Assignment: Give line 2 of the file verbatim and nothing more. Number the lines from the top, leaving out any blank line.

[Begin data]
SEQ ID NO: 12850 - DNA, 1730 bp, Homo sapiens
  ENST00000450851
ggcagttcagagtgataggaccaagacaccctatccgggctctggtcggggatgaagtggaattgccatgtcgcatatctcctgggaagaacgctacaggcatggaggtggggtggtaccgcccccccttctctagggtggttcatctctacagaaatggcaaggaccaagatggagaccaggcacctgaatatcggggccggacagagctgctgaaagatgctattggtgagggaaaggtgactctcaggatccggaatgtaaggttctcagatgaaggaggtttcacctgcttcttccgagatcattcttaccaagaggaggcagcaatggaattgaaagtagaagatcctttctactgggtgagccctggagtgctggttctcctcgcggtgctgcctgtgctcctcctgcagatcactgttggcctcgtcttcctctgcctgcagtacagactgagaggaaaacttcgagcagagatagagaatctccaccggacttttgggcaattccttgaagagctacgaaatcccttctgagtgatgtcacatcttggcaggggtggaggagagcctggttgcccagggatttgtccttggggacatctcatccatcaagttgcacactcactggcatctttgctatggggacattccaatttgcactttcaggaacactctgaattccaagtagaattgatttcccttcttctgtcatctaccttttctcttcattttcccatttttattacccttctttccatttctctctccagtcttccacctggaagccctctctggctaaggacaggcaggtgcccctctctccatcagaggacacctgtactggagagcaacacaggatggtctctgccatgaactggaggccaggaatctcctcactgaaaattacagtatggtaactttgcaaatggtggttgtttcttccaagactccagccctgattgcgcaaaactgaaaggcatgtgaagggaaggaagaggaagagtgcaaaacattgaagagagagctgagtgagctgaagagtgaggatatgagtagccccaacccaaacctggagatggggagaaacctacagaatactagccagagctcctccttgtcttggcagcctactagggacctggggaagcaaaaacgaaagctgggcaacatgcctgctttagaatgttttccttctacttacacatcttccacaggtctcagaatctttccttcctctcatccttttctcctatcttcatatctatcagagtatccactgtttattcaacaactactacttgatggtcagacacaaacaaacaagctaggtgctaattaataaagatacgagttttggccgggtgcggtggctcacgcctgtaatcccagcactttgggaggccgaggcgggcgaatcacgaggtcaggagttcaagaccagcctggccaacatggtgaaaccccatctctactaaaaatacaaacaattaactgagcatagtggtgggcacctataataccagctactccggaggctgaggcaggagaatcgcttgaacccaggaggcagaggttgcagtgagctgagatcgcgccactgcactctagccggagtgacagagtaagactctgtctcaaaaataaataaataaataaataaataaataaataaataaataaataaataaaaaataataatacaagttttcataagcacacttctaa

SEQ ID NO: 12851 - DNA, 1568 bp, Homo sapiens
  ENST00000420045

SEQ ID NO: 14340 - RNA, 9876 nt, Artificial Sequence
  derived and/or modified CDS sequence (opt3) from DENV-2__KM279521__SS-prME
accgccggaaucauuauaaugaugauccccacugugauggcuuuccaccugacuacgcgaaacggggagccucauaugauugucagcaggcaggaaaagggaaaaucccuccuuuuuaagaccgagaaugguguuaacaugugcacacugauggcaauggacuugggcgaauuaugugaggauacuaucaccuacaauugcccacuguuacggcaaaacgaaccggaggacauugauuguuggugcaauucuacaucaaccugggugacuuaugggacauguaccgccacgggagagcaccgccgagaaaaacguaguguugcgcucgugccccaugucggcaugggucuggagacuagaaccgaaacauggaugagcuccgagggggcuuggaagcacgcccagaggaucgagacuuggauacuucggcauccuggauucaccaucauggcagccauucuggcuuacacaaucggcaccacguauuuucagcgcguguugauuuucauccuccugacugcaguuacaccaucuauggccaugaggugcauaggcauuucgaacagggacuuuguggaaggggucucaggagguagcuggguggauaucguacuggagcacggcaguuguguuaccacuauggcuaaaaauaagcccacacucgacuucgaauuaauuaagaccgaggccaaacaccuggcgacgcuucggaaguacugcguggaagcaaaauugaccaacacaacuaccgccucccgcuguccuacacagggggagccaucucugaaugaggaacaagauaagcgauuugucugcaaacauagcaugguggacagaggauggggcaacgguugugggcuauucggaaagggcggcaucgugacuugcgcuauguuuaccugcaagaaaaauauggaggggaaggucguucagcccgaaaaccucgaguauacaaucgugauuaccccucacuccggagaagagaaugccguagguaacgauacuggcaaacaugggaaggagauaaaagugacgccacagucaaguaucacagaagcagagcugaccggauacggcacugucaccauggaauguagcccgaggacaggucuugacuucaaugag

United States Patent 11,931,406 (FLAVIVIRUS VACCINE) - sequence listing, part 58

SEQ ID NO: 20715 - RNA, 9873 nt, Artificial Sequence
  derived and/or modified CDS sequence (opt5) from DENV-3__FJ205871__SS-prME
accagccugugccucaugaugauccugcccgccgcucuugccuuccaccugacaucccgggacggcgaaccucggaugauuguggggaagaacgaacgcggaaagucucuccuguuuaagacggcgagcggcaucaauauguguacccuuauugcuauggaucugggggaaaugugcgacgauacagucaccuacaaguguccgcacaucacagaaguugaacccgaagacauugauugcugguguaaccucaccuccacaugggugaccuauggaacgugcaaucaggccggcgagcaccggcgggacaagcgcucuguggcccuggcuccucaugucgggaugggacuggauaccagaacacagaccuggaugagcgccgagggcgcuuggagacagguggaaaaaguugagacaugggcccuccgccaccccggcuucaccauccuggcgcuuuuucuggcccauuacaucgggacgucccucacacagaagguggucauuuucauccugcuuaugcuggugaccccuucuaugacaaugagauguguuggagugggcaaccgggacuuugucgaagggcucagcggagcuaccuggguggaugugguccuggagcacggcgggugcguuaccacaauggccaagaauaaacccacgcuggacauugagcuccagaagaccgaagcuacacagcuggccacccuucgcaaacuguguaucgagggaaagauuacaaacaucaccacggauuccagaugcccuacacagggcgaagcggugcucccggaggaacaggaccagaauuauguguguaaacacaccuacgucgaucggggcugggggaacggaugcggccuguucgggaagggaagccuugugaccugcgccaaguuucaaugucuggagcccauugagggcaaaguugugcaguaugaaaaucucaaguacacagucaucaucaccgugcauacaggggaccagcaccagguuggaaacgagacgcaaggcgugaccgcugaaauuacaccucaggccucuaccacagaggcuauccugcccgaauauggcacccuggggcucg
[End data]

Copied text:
  ENST00000450851